Meditate to Mitigate
Like you and most of the world, the trapped young men in Thailand captured my attention. I thought about how they must be feeling, how dark it was, how hungry they were, and how they missed their parents. I tried to put myself in their shoes and know I would have panicked after a day or two. But they were in that cave for nine days before anyone found them. Nine days.
If you’ve seen the video from the first divers to find them, you know they were not panicked despite that long isolation. They were calm, happy to see the divers for sure, but they had not gone to pieces, as my southern mother would say. How could this be?
Well, they were meditating. Their Buddhist coach who had been a monk for a decade taught them to meditate while they were trapped. Many who meditate vouch for its calming properties and ability to lower stress. If you’ve been hearing about mindfulness these past few years, you’ll know that is related to meditation.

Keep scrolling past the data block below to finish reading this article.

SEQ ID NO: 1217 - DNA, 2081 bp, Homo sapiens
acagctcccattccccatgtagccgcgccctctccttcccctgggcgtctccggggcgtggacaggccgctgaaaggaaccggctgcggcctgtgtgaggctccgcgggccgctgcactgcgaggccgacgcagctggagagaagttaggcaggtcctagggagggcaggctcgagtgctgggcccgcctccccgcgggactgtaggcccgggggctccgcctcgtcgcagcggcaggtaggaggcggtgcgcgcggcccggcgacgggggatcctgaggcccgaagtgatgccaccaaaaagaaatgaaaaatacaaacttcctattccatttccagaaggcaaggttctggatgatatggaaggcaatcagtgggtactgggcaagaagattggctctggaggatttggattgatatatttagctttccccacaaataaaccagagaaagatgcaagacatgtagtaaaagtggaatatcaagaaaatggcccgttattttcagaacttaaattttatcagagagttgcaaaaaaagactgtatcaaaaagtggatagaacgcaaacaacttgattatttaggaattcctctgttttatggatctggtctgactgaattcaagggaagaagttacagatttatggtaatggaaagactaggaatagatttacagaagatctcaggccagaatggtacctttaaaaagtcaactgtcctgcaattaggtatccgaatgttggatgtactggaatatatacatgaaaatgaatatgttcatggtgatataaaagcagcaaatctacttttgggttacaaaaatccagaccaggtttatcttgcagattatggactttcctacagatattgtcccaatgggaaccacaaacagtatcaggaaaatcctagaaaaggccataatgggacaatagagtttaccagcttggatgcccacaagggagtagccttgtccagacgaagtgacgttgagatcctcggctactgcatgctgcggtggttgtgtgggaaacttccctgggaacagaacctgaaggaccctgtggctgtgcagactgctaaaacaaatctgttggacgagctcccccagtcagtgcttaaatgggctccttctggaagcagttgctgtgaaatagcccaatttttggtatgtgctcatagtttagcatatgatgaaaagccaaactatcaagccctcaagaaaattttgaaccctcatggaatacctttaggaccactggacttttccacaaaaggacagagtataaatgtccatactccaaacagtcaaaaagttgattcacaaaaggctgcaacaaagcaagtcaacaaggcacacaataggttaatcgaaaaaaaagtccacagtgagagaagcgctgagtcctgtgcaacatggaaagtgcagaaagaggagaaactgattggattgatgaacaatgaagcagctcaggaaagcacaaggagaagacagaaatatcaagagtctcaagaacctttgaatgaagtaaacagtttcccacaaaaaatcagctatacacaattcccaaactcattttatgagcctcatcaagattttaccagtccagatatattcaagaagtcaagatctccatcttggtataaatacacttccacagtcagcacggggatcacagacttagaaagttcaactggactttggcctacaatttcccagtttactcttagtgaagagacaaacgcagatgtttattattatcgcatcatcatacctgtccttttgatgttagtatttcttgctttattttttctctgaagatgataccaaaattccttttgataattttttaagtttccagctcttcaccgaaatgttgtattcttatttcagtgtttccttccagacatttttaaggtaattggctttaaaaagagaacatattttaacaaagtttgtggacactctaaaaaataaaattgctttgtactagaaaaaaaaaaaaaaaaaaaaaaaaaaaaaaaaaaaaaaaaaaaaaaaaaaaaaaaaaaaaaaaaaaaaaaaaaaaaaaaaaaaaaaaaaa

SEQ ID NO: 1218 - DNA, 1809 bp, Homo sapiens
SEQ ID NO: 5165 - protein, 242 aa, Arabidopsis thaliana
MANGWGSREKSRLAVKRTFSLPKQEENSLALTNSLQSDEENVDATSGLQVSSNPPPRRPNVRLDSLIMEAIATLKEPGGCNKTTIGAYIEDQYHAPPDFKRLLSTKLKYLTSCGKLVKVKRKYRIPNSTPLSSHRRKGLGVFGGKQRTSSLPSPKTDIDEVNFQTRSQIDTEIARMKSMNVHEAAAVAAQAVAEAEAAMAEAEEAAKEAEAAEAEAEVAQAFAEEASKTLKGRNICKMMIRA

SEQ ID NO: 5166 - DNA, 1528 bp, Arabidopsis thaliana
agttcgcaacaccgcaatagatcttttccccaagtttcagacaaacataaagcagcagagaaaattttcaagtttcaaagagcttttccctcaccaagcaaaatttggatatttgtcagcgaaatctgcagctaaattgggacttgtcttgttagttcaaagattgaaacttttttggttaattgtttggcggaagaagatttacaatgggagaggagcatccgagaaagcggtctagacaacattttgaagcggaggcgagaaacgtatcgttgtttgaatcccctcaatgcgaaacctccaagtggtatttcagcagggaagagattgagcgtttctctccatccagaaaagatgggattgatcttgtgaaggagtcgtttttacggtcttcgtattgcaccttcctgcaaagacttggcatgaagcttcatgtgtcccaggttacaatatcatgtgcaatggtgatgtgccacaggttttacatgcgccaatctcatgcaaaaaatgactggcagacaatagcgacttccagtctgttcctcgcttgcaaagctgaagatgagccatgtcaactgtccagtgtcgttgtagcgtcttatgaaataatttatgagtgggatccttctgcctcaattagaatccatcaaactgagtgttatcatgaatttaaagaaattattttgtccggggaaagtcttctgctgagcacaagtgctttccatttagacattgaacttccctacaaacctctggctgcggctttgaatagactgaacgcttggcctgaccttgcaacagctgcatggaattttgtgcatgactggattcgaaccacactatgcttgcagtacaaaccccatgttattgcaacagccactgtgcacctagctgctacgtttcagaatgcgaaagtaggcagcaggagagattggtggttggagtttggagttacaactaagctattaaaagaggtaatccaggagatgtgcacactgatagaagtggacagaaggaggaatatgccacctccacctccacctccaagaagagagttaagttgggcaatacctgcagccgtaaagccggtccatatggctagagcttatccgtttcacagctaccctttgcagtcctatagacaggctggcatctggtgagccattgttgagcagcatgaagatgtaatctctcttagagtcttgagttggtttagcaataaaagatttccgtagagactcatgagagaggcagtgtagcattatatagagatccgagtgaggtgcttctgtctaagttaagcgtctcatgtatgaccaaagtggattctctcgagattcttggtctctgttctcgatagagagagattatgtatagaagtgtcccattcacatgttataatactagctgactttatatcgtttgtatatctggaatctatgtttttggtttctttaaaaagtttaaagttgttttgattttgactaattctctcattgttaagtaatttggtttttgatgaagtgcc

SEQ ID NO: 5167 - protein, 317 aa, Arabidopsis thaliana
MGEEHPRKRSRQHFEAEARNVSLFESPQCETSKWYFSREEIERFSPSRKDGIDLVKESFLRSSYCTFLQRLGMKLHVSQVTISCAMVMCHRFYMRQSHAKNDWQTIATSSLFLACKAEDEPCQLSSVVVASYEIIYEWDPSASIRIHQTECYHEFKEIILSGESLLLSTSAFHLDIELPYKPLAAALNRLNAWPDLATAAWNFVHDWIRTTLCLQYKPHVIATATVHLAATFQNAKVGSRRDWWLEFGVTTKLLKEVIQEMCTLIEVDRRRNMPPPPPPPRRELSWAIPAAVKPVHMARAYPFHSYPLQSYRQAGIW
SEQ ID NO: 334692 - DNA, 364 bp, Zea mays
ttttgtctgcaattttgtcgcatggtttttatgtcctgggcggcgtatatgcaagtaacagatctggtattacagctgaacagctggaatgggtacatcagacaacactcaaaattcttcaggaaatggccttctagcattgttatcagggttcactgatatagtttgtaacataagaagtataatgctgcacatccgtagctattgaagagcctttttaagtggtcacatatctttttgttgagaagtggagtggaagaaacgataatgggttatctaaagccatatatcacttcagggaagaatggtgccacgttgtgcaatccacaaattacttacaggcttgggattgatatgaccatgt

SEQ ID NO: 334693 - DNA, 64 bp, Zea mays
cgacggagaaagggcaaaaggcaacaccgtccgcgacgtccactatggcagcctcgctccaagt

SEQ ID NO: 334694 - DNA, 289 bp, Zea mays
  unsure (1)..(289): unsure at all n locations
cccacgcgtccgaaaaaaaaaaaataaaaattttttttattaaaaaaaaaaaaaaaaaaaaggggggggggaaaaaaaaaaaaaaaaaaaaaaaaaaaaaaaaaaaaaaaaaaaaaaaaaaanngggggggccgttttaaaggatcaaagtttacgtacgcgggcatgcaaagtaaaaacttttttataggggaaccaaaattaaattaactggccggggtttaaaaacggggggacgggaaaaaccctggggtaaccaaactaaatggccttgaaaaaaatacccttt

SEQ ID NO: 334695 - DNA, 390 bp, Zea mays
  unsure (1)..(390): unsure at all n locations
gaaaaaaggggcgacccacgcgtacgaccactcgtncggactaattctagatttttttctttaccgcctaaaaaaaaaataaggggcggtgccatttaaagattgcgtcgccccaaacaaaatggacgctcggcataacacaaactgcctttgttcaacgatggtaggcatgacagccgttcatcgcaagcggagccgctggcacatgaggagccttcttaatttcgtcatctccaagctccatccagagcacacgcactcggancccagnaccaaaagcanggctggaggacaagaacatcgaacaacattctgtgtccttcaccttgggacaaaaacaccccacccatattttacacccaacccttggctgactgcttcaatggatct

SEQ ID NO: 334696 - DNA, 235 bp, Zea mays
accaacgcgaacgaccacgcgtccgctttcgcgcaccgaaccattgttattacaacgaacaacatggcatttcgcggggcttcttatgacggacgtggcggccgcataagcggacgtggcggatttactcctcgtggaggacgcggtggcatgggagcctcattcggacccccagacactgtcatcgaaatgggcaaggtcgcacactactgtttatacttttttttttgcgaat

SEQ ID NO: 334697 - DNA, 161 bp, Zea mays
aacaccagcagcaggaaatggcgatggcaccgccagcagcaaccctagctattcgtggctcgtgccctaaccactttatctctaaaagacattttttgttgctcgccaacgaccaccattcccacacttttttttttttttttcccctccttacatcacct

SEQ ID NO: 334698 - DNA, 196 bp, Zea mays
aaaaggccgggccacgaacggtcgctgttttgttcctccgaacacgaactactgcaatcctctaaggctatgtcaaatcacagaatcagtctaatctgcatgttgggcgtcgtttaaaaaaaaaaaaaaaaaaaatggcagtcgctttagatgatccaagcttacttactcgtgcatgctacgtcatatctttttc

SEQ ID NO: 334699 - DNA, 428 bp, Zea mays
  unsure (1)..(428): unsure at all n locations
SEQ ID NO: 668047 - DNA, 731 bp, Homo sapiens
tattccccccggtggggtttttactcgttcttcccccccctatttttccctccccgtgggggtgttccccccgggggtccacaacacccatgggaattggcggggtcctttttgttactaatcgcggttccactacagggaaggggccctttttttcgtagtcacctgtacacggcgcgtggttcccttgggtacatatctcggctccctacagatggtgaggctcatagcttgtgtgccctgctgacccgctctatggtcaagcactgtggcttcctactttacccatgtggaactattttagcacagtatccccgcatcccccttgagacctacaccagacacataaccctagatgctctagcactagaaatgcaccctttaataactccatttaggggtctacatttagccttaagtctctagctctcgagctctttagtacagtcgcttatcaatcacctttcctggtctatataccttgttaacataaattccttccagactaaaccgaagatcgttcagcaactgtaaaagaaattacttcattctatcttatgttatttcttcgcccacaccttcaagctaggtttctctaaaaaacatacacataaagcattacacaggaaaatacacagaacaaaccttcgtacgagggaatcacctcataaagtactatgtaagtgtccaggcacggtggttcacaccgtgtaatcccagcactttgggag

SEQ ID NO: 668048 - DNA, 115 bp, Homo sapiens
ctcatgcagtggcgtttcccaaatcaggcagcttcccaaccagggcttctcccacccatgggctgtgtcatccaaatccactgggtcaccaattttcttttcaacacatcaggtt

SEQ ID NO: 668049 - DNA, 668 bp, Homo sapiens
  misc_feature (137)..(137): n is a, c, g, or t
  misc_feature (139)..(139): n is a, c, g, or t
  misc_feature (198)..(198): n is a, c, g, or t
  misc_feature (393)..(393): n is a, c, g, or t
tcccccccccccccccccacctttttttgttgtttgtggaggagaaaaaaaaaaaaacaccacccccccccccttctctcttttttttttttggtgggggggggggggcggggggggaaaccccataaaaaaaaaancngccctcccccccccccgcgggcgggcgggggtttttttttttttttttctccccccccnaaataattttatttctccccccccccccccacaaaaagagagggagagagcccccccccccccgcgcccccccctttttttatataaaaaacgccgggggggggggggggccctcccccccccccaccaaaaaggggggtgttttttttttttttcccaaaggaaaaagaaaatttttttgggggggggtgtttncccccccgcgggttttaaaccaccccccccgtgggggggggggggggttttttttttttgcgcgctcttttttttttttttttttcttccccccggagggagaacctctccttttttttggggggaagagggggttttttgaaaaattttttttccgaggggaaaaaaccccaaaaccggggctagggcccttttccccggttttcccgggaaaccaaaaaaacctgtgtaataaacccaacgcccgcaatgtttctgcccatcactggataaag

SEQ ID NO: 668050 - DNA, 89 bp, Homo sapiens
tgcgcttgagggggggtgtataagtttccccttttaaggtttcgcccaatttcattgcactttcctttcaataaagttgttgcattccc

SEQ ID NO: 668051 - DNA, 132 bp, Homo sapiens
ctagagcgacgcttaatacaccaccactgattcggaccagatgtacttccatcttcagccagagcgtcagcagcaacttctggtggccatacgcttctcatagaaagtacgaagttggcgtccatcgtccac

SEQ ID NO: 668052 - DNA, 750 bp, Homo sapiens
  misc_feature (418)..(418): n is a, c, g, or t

The Putnam City Schools Foundation helped one of our teachers attend a training on mindfulness so that she could assess if its principles would help her students learn how to cope with feelings of frustration, anger and sadness. This YES! Grant was for professional development with The Hawn Foundation’s Mind Up program. Knowing the kind of trauma some of our students experience, I hope this social-emotional training is something we can replicate as needed throughout the district.
The Thai soccer team, like many of our students, will be feeling after-effects from their ordeal for years to come. My prayer is that our children will have the skills to mitigate those challenges as they grow into adults, and we as educators can give them the tools to do so.
To learn more about Mind Up visit https://mindup.org/
Posted on Thu, July 12, 2018
by Jennifer Seal